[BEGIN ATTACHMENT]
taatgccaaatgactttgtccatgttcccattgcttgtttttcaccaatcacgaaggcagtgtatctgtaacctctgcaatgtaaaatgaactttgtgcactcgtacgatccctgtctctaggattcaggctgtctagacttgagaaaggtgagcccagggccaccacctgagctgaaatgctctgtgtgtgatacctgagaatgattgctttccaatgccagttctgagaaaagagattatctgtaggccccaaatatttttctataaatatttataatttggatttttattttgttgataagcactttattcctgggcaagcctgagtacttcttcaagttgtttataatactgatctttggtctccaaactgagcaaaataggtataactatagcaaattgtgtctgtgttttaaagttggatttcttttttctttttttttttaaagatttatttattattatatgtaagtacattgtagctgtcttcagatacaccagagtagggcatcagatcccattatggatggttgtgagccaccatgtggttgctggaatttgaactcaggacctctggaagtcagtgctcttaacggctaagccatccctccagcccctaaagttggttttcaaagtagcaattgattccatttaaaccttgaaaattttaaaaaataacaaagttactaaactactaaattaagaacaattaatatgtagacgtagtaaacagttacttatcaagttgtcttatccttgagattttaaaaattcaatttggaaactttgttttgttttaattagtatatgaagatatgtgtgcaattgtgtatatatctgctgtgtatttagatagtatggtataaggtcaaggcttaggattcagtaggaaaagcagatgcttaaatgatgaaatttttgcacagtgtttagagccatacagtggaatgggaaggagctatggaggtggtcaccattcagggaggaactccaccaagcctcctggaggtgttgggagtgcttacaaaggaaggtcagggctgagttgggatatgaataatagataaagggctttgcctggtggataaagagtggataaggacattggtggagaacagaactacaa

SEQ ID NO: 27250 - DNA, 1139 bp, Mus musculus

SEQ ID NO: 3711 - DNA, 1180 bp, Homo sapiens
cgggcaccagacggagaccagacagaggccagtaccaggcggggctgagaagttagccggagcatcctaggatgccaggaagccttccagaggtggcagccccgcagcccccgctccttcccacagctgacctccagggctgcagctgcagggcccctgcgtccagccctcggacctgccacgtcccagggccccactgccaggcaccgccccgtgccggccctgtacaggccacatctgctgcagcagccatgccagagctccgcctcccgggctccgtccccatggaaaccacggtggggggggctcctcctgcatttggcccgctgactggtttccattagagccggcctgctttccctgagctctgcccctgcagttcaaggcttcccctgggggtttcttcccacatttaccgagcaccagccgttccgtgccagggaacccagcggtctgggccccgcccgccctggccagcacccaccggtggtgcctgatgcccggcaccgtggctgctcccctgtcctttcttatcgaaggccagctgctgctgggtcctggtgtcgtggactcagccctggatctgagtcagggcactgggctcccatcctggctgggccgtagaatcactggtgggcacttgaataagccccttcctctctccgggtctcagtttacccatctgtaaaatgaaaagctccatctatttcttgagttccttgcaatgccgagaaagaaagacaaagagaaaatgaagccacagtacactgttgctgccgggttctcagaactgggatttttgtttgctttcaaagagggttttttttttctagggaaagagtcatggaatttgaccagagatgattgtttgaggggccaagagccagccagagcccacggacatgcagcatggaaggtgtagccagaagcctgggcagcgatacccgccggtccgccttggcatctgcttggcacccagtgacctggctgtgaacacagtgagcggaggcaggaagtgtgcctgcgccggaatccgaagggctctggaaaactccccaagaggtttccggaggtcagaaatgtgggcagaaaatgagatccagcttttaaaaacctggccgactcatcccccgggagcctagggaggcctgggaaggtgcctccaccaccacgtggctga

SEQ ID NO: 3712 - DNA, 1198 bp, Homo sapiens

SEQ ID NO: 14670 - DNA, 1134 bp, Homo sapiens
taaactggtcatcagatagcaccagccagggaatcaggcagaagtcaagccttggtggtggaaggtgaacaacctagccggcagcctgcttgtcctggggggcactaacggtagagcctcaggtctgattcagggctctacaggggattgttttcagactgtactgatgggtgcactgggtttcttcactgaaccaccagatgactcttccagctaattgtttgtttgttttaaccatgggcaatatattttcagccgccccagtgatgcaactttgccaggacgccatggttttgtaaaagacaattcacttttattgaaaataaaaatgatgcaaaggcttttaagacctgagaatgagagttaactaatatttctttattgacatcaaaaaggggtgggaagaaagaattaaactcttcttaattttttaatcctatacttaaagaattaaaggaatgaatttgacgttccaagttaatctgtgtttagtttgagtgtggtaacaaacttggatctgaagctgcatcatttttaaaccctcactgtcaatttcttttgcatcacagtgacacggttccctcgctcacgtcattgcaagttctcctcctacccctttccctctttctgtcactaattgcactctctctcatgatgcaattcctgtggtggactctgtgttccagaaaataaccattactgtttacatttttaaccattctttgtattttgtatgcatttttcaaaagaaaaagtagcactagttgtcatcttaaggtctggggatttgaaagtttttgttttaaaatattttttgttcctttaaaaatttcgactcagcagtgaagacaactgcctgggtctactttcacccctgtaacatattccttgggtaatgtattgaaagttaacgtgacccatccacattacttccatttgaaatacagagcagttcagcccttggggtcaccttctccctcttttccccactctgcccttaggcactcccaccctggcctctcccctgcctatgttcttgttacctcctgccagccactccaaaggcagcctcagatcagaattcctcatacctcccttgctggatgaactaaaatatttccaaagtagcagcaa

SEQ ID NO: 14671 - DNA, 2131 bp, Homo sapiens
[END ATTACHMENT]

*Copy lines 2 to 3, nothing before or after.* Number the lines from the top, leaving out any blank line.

SEQ ID NO: 27250 - DNA, 1139 bp, Mus musculus

SEQ ID NO: 3711 - DNA, 1180 bp, Homo sapiens